When a person dies, the estate typically goes through a legal process that pays the deceased’s debts and distributes his or her assets. However, if a will or estate plan is not available, your estate is subject to state law, which may not handle your estate the way you hoped.
In addition, the probate process is costly. Your heirs may pay filing, attorney’s and other fees. Therefore, these are some ways you can set up your estate to reduce or avoid probate.
Co-ownership of property
When you have someone else on your property deeds, that person automatically receives the property when you die. In some cases, spouses can receive property automatically, but you need to clarify that the property falls under survivorship rights.
You can also transfer your property to another person before you die. In this case, you will sign your real estate over to your heirs. However, the new owners can limit or eliminate your use of the property.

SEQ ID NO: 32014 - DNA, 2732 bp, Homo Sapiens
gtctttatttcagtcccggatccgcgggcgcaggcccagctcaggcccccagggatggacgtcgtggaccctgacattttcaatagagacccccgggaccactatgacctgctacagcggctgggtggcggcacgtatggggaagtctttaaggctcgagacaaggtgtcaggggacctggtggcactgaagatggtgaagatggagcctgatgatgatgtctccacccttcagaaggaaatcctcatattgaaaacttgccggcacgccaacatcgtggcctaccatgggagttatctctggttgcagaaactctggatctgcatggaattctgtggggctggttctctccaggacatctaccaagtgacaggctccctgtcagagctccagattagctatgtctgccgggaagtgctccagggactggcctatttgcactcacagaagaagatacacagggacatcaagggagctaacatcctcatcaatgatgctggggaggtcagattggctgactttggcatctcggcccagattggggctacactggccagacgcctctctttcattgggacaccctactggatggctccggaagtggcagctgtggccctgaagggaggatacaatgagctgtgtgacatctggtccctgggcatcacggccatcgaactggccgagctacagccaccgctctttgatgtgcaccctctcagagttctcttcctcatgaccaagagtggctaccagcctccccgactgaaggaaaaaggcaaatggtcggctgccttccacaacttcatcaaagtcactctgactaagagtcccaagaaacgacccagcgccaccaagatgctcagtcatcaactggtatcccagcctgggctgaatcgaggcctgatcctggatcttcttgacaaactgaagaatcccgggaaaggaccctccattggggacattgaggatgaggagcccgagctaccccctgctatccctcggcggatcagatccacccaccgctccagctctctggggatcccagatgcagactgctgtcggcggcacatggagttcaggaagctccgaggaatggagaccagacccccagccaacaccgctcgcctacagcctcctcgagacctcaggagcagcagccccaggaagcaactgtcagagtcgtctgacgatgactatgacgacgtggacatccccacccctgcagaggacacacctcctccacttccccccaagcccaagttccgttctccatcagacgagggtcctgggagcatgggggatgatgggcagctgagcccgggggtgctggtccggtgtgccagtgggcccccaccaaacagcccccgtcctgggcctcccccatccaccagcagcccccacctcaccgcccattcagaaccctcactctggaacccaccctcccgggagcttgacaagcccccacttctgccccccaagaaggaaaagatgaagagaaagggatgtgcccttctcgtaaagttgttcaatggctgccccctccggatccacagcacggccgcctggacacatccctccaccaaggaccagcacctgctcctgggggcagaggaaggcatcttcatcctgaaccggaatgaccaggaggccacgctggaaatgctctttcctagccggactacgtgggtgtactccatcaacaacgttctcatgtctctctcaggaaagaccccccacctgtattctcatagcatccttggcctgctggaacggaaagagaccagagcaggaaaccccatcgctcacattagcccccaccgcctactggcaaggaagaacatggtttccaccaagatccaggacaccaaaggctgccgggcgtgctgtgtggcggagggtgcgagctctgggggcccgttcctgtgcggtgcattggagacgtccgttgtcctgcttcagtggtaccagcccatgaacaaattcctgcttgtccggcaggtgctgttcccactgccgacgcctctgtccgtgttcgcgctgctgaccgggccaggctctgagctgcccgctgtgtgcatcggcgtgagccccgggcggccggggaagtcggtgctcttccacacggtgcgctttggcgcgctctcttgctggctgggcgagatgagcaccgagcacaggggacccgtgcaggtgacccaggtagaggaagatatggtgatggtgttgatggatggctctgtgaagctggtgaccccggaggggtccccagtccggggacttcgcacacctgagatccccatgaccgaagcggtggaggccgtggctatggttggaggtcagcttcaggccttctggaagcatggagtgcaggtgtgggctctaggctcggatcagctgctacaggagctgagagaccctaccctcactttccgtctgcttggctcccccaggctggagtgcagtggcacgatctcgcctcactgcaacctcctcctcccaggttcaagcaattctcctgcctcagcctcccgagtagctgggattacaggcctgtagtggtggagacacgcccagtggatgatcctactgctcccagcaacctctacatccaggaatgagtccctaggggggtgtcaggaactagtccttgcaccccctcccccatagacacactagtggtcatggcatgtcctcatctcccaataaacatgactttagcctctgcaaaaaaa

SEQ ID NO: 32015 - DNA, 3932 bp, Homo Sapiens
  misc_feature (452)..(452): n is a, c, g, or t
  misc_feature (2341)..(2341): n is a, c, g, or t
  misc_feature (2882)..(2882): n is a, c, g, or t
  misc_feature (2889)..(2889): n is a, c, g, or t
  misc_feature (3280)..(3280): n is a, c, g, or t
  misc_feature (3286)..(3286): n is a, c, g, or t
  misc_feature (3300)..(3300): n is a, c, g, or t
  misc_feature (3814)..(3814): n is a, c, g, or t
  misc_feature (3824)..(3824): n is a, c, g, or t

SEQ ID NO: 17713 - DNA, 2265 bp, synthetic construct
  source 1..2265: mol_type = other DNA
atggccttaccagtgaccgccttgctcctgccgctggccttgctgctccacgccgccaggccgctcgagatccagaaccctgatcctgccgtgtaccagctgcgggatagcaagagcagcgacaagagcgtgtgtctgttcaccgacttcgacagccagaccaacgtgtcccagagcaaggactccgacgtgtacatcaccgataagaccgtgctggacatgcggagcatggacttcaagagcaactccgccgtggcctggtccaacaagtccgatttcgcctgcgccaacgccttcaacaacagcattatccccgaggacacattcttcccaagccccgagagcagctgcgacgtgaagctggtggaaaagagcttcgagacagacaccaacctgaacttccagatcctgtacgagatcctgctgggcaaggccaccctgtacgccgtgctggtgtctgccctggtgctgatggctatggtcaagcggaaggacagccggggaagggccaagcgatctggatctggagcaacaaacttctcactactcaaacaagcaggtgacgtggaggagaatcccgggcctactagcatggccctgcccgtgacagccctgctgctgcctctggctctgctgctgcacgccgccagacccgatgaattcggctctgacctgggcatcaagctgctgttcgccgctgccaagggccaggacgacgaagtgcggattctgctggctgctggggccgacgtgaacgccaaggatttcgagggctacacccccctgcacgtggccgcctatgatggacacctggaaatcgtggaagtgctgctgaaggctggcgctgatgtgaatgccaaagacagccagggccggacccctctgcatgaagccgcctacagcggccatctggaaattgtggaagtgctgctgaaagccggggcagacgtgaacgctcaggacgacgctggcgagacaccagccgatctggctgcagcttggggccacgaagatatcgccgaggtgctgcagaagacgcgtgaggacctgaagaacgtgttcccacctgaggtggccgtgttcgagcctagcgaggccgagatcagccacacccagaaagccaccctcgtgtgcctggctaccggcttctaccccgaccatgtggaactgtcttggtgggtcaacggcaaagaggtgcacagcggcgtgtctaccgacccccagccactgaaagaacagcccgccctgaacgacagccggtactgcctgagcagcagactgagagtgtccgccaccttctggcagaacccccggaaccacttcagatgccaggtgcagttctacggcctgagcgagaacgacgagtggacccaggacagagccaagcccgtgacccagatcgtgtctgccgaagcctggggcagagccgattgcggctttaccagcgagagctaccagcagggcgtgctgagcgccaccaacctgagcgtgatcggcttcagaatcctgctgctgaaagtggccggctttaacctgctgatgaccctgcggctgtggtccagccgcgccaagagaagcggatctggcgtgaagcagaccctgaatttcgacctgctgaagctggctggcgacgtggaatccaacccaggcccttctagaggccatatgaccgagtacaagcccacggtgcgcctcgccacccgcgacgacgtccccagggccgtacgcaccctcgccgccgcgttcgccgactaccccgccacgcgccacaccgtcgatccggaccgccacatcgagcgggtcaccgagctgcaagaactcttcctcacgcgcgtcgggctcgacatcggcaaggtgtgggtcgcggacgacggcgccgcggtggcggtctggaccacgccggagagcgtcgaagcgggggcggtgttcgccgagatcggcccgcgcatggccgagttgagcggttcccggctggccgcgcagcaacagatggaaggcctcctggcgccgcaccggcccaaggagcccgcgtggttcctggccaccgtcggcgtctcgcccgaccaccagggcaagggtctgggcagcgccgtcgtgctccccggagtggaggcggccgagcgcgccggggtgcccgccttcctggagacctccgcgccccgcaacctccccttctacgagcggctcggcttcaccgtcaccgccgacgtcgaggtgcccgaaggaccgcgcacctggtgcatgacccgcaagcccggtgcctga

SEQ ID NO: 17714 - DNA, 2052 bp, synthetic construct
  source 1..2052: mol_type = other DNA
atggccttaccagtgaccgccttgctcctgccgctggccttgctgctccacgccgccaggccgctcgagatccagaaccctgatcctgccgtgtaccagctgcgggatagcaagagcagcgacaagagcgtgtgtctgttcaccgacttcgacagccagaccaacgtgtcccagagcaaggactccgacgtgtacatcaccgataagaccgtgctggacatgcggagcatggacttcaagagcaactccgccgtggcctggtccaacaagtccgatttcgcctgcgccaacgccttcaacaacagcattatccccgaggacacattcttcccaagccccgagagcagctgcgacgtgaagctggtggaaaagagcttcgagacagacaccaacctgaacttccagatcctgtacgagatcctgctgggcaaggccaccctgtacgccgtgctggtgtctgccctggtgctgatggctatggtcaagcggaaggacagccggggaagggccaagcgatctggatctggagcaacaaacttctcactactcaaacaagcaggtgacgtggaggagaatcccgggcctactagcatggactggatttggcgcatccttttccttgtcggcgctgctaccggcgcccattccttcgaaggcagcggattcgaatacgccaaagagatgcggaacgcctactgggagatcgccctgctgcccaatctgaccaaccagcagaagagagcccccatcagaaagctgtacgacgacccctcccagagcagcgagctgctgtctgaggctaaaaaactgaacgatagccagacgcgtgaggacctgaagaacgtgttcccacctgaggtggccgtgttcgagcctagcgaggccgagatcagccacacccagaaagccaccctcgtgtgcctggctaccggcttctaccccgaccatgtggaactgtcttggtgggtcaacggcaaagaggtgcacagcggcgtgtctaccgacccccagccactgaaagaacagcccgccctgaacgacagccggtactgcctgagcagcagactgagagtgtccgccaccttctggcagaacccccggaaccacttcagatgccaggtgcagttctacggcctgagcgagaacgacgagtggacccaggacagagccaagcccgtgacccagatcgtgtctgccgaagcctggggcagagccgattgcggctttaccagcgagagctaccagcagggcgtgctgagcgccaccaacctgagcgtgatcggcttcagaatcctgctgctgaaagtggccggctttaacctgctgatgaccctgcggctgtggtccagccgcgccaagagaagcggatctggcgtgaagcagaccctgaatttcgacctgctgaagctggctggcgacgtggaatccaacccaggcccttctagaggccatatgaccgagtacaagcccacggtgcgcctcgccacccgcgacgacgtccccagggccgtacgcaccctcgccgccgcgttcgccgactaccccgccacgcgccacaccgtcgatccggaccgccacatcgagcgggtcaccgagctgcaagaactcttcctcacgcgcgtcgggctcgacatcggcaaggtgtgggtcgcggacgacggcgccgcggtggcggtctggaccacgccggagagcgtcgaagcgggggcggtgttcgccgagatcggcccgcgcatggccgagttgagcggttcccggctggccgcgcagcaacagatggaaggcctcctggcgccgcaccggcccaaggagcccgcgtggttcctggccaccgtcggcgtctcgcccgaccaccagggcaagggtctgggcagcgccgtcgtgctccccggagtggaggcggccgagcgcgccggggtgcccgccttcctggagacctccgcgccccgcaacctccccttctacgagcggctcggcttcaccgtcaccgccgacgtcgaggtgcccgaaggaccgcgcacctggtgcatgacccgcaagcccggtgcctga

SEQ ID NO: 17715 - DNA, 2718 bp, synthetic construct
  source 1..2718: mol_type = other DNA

You can invoke a transfer-on-death or pay-on-death designation for your vehicles, real estate and financial and retirement accounts. Your heirs will have no access to or authority over these accounts until you die.
If you want your heirs to avoid probate completely, consider a revocable living trust. This places all your assets into a trust that collects the title to all your assets. You are a trustee, and you have complete control over all the property in your trust. Your appointed successor then distributes your assets based on your desires when you die.
The easiest way to minimize your heirs’ probate costs is to create a will. Even if you have a trust, you should have a will because you cannot put everything you own in a trust.